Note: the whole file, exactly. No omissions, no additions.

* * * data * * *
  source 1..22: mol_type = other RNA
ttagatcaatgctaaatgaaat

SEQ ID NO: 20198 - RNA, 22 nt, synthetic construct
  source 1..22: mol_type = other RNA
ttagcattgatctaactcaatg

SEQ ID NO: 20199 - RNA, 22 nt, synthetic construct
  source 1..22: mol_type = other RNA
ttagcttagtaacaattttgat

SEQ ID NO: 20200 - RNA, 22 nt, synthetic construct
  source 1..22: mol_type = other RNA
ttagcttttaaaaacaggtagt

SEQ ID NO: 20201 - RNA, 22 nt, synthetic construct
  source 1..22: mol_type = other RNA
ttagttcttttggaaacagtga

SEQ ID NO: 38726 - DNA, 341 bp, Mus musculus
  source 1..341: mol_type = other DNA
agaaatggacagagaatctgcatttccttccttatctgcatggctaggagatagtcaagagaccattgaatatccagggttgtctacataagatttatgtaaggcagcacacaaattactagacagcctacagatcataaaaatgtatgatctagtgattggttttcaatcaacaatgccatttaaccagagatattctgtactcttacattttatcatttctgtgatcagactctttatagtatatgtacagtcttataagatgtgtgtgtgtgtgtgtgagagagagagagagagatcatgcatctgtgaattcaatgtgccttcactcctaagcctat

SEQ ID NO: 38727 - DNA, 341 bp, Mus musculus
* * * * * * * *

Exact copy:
  source 1..22: mol_type = other RNA
ttagatcaatgctaaatgaaat

SEQ ID NO: 20198 - RNA, 22 nt, synthetic construct
  source 1..22: mol_type = other RNA
ttagcattgatctaactcaatg

SEQ ID NO: 20199 - RNA, 22 nt, synthetic construct
  source 1..22: mol_type = other RNA
ttagcttagtaacaattttgat

SEQ ID NO: 20200 - RNA, 22 nt, synthetic construct
  source 1..22: mol_type = other RNA
ttagcttttaaaaacaggtagt

SEQ ID NO: 20201 - RNA, 22 nt, synthetic construct
  source 1..22: mol_type = other RNA
ttagttcttttggaaacagtga

SEQ ID NO: 38726 - DNA, 341 bp, Mus musculus
  source 1..341: mol_type = other DNA
agaaatggacagagaatctgcatttccttccttatctgcatggctaggagatagtcaagagaccattgaatatccagggttgtctacataagatttatgtaaggcagcacacaaattactagacagcctacagatcataaaaatgtatgatctagtgattggttttcaatcaacaatgccatttaaccagagatattctgtactcttacattttatcatttctgtgatcagactctttatagtatatgtacagtcttataagatgtgtgtgtgtgtgtgtgagagagagagagagagatcatgcatctgtgaattcaatgtgccttcactcctaagcctat

SEQ ID NO: 38727 - DNA, 341 bp, Mus musculus